Well howdy all! Welcome back for Day 3 of the trip up Mount Kilimanjaro. Hard to believe that there are only a few more blog posts left to write about our amazing African trip. I hope you’ve stuck with me through all the long days, and that you’ve all been enjoying these posts. It’s sometimes quite a job to try and write up these stories, especially since life has moved on since then, but it’s nice to re-visit these the adventure and try and remember some of the little details. Day 3 was another straight trekking day for team Cantrailia. Compared to day 2, it was much shorter, but at these altitudes, that’s not such a bad thing. For starters, have a look at the map of the journey on day 3, as well as the set of pictures posted on flickr. Once you have a sense of the day, read on for the rest of the post.
So just what would our day consist of? Well, we were setting out from Kikelewa Camp situated at 3,660m, and working our way gradually up to about 4,500m, finishing at a place known as Mawenzi Tarns, basically in the shadow of Mount Mawenzi (yes, I just realized that I have been spelling it wrong, and now need to fix a bunch of things. Oops. The peak of Mount Mawenzi, as a point of interest, is called Hans Meyer peak. Guess what? Hans Meyer is also my dad’s name, so that was pretty cool. And just who was Hans Meyer? As it turns out, he was the first European (read: white person) to summit Mount Kilimanjaro at Kibo Peak in 1889. Very neat. No relation to me I don’t think, but still an interesting factoid I thought.
Upon waking up in the morning, the first thing we had to do was chip through the ice on the tent! Well, not quite, but there was definitely a lot of frost, and there was actual ice that accumulate on our tent. I was feeling particularly energetic right off the bat, and was up quite early, so after getting dressed I took a little hike alone to Kikelewa Cave, which wasn’t far from our camp. The sun was shining brightly, and Kilimanjaro was out in full splendor, so adventure was beckoning me. I took care to walk slowly and carefully, as I did have to cross another ‘stream’, and there were lots of boulders. No sense twisting an ankle at this point! After my little stroll, I headed back to camp to finish getting my gear sorted out and to join the team in the mess tent for our breakfast. It was a great start to the day.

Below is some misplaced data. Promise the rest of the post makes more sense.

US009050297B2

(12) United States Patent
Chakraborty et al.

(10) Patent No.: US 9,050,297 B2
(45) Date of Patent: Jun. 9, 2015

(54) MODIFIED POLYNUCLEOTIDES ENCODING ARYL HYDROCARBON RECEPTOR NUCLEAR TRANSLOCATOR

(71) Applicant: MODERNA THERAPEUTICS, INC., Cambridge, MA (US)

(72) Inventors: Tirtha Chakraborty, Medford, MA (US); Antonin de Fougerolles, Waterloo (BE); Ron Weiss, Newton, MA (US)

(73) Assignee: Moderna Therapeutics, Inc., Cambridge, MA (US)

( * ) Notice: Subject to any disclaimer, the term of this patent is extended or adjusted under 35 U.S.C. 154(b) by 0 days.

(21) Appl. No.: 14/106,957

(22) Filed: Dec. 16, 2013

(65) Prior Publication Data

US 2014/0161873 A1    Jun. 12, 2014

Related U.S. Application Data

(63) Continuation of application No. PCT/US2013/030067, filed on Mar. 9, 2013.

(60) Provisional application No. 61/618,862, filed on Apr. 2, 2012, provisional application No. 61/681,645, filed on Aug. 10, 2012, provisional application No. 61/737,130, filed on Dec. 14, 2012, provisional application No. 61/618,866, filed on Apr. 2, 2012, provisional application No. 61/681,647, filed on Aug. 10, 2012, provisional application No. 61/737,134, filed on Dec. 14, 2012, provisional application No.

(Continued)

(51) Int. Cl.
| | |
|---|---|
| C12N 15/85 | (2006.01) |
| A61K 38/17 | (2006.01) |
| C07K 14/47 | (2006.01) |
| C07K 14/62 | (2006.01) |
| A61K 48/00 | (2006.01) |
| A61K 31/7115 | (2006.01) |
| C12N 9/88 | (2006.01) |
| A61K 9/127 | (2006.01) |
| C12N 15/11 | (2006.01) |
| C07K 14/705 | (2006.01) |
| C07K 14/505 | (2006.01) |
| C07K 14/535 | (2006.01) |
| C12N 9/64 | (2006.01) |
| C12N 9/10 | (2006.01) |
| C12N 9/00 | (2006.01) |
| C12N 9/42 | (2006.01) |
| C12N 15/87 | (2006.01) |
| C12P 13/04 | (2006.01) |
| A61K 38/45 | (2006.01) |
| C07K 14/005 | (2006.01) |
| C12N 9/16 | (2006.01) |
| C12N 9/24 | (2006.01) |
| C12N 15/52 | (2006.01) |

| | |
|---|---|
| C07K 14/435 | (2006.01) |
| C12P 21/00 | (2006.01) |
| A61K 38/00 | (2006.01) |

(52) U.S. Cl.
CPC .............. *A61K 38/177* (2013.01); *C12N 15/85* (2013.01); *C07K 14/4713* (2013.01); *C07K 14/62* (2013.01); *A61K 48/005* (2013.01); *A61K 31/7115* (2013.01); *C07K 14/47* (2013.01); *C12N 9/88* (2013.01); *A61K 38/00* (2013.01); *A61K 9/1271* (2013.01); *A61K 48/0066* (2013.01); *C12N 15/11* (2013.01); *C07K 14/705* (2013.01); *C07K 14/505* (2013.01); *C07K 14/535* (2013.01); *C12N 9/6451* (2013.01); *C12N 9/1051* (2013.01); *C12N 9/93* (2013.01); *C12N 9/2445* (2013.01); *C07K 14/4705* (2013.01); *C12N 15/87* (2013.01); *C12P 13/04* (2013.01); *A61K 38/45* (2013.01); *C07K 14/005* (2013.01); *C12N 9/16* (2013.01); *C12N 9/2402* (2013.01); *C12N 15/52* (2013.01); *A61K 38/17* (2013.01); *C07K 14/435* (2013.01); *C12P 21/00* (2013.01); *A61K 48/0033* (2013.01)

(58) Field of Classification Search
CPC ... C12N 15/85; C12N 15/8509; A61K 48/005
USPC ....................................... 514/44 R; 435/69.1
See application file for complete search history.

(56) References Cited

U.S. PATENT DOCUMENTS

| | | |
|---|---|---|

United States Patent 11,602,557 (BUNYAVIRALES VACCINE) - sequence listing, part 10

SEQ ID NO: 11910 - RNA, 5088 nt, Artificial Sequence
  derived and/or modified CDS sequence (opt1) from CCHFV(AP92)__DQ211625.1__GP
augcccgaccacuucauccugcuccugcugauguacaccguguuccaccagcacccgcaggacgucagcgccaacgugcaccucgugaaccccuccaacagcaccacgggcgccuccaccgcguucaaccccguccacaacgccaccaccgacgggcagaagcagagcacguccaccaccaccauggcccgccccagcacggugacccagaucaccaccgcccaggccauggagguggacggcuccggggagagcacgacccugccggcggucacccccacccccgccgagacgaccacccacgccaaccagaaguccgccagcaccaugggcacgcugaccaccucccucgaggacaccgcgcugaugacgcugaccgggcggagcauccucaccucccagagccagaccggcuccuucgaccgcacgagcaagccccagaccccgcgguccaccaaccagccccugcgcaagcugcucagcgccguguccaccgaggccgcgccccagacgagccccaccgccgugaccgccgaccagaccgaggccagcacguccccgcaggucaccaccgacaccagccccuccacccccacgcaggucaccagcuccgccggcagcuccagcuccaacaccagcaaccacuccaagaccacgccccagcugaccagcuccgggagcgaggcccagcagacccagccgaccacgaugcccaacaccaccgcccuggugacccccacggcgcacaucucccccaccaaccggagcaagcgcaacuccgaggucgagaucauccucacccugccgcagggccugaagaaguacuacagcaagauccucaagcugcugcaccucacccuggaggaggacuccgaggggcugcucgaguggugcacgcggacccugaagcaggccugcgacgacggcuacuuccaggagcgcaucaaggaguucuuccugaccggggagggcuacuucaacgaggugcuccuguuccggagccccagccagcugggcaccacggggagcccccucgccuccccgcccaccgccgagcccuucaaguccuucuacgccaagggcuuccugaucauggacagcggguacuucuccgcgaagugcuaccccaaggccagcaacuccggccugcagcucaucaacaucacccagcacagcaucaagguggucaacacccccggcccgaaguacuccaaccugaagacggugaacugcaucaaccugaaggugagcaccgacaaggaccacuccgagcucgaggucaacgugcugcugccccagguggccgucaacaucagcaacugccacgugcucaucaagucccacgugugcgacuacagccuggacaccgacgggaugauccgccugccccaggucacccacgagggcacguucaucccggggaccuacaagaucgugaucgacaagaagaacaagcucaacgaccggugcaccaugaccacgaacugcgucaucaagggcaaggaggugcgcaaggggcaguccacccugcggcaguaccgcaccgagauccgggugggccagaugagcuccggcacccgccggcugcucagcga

I think it was shortly after 8am that we left camp, with the sun still shining, although the air was still quite crisp, due to our altitude. Early in the trek, I kept noticing what seemed to be charred tree trunks. I eventually asked about it, and the guide explained to us that this was the result of a fire a few years back. It essentially rolled it’s way right up the mountain, burning down a large portion of the shrubbery at higher altitude. Too bad, as it takes several years for these trees to reach any real size. Not sure how the fire started, but I’m guessing some careless human. When will we learn?
After about an hour went by, the fog once again started to drift in, meaning of course that our somewhat interesting views were once again lackluster. Too bad. On the plus side, we wrapped up our hiking in a mere 3.5 hours, and never had to pull out our full gear once on the hike. How great is that? Well, as it turns out, too good to be true. While we’d reached camp, we weren’t done for the day. We still had an acclimatization hike to get through after lunch. So, first order of business as usual was getting our gear and setting up our living spaces in the fabric domiciles that we were inhabiting. Once settled there, it was off to the mess tent once again to eat (did I mention that we seldom went more than 4 hours without a full meal, and when we did we at least had snacks? I was sure I’d be gaining weight on this trip.